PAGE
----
‘His days are numbered,' security analyst on Zimbabwe’s Mugabe

‘His days are numbered,' security analyst on Zimbabwe’s Mugabe

President of Zimbabwe - Robert Mugabe - is facing a military coup in an attempt to overthrow him and his ‘dynasty,’ a security analyst has warned.

Tensions in Harare reached boiling point Tuesday as witnesses report seeing armoured vehicles, military police and soldiers of Zimbabwe’s military approach the capital.

The political crisis in Zimbabwe sparked last week after Mugabe fired vice president Emmerson Mnangagwa, a former intelligence chief thought to have enough support to position himself as the president's successor.

Pictures believed to be of the military heading to capital, Harare

Pictures believed to be of the military heading to capital, Harare

Today’s developments follow a day after the armed forces head General Constantine Chiwenga made it clear that he was prepared to “step in” after the sacking of vice-president Mnangagwa.

The sacking made way for Mugabe’s wife Grace, 52, should he be forced to step down or die.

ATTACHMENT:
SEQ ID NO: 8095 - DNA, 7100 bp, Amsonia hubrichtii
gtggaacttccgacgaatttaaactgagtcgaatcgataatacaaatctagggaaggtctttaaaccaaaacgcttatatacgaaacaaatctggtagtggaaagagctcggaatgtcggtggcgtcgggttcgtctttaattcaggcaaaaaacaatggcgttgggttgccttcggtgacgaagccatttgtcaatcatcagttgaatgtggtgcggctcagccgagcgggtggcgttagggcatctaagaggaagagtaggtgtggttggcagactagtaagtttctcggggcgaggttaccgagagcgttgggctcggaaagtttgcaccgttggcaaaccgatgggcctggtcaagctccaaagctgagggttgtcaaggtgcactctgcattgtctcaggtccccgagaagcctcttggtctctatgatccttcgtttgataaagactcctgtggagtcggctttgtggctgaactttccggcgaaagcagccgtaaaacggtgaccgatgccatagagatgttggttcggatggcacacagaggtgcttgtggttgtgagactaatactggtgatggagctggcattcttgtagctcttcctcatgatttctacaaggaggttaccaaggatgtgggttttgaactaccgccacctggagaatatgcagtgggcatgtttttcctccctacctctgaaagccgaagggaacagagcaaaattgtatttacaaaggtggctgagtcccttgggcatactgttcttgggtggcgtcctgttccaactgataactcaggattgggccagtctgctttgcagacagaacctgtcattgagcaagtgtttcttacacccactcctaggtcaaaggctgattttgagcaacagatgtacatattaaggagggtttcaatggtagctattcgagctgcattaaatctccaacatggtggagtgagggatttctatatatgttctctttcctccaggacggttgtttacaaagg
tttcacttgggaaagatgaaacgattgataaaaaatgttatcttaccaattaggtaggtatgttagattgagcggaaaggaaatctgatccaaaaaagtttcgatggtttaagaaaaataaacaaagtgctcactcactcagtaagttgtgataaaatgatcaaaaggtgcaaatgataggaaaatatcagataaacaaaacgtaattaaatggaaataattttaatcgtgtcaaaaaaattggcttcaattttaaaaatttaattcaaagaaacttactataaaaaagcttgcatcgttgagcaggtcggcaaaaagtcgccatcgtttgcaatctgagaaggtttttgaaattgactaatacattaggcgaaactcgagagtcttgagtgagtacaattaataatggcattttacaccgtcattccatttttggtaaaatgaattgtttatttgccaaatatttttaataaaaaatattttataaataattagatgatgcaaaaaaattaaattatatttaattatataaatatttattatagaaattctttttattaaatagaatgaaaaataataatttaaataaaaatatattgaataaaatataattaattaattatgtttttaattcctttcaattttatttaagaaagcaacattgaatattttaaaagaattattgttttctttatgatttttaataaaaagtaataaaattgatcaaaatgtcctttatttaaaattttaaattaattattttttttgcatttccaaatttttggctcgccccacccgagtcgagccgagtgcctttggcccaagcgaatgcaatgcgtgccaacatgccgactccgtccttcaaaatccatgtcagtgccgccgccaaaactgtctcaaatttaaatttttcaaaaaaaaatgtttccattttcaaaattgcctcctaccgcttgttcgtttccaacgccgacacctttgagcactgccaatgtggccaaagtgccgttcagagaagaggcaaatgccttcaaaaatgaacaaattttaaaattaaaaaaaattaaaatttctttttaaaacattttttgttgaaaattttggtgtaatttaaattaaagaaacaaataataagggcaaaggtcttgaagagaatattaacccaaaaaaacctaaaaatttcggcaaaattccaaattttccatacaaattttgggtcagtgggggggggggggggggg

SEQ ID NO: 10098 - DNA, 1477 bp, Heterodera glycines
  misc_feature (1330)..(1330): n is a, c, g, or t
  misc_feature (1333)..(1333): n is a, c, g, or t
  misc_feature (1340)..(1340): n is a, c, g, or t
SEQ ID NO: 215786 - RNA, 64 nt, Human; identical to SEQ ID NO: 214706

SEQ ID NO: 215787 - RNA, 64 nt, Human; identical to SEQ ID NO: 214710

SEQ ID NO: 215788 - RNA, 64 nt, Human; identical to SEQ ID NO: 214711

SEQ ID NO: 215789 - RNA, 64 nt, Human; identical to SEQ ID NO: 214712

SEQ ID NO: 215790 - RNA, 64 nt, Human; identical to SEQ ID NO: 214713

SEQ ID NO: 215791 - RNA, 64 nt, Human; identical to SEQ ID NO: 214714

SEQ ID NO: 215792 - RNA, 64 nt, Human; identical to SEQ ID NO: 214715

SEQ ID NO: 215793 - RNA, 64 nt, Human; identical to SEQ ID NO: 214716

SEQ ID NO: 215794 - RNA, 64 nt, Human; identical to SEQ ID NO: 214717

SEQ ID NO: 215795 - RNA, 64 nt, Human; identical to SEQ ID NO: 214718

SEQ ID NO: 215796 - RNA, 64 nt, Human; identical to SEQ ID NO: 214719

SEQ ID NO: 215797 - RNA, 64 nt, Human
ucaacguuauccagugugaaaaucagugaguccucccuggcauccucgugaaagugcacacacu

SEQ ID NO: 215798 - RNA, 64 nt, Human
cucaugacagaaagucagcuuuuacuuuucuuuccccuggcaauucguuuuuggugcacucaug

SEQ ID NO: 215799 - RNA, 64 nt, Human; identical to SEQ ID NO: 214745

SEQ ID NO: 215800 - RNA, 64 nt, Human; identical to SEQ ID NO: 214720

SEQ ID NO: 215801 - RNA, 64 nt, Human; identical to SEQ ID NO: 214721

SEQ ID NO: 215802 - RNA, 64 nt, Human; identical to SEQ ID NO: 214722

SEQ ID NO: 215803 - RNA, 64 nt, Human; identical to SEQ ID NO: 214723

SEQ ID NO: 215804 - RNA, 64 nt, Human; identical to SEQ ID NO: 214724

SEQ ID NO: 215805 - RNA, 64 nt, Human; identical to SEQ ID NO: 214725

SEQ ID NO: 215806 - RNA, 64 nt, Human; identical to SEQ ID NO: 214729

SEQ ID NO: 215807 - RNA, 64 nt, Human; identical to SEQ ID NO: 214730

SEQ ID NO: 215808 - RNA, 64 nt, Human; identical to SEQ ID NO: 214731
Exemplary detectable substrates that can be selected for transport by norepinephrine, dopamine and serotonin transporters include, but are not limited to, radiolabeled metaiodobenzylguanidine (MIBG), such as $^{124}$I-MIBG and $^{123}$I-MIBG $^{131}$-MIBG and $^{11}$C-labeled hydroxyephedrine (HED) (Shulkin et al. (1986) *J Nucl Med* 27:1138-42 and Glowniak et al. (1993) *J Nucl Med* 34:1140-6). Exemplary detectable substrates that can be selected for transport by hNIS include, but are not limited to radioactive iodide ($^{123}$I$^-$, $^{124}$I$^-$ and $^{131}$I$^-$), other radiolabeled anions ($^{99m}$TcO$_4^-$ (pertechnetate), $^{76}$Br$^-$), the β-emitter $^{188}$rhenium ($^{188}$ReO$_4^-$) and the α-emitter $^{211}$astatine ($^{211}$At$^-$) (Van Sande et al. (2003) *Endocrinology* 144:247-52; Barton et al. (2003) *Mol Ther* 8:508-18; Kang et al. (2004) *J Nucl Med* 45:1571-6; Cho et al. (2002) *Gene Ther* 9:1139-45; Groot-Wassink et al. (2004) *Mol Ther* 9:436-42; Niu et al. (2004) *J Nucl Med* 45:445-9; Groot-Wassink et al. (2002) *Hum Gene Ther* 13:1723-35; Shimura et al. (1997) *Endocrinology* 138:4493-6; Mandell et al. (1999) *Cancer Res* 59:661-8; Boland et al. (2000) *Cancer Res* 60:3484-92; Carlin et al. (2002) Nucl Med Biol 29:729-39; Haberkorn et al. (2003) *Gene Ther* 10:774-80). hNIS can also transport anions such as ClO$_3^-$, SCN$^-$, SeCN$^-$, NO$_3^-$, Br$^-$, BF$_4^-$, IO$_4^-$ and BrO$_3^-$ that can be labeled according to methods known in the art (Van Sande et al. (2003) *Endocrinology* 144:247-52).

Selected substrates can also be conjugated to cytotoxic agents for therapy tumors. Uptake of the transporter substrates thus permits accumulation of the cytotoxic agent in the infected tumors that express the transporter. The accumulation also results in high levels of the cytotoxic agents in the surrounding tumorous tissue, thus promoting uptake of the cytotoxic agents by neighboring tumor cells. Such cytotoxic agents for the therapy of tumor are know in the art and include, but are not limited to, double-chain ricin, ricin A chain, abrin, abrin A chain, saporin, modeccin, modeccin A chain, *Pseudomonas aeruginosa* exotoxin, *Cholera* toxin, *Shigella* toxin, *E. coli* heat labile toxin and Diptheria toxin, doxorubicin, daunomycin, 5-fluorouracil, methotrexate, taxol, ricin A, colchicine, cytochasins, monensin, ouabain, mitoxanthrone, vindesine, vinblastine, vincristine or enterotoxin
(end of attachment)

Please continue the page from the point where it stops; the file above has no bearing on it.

“There are more people against Mugabe than for him, nationally and internationally,” said TGS security analyst David Otto.

"The military doesn't support the activities of the president, his days are numbered.

“It leads me to conclude that the army is fed up with what it describes as a dynasty. Mugabe doesn’t have the best international reputation and the army are worried he is shifting from the West to the East. It’s like a changing of the guards.”

Mnangagwa, long thought to have the support of Zimbabwe’s security forces, said Monday that it is now up to the army to “defend our country’s constitution and the gains of our liberation struggle against rogue, state capturing elements bent on creating a family dynasty.”

His announcement came a few hours after General Chiwenga warned of the military’s intervention should suffering carry on.

General-Constantine-Chiwenga.jpg

"the military

will not hesitate to step in" General Chiwenga

“We must remind those behind the current treacherous shenanigans that, when it comes to matters of protecting our revolution, the military will not hesitate to step in,” Chiwenga said.

ZanuPF responded to the general's remarks accusing him of treason. In a statement, the party said the move "clearly calculated to disturb national peace… [and] incite insurrection".

The military has not confirmed whether the military vehicles seen moving today are part of a coup.

But Otto says it’s likely Mugabe will react to a coup in some way, whether he decides to not appoint his wife as vice president or gives ousted Mnangagwa his job back.

“If it is a military coup, it may not last that long, giving Mugabe’s lack of support,” said Otto.

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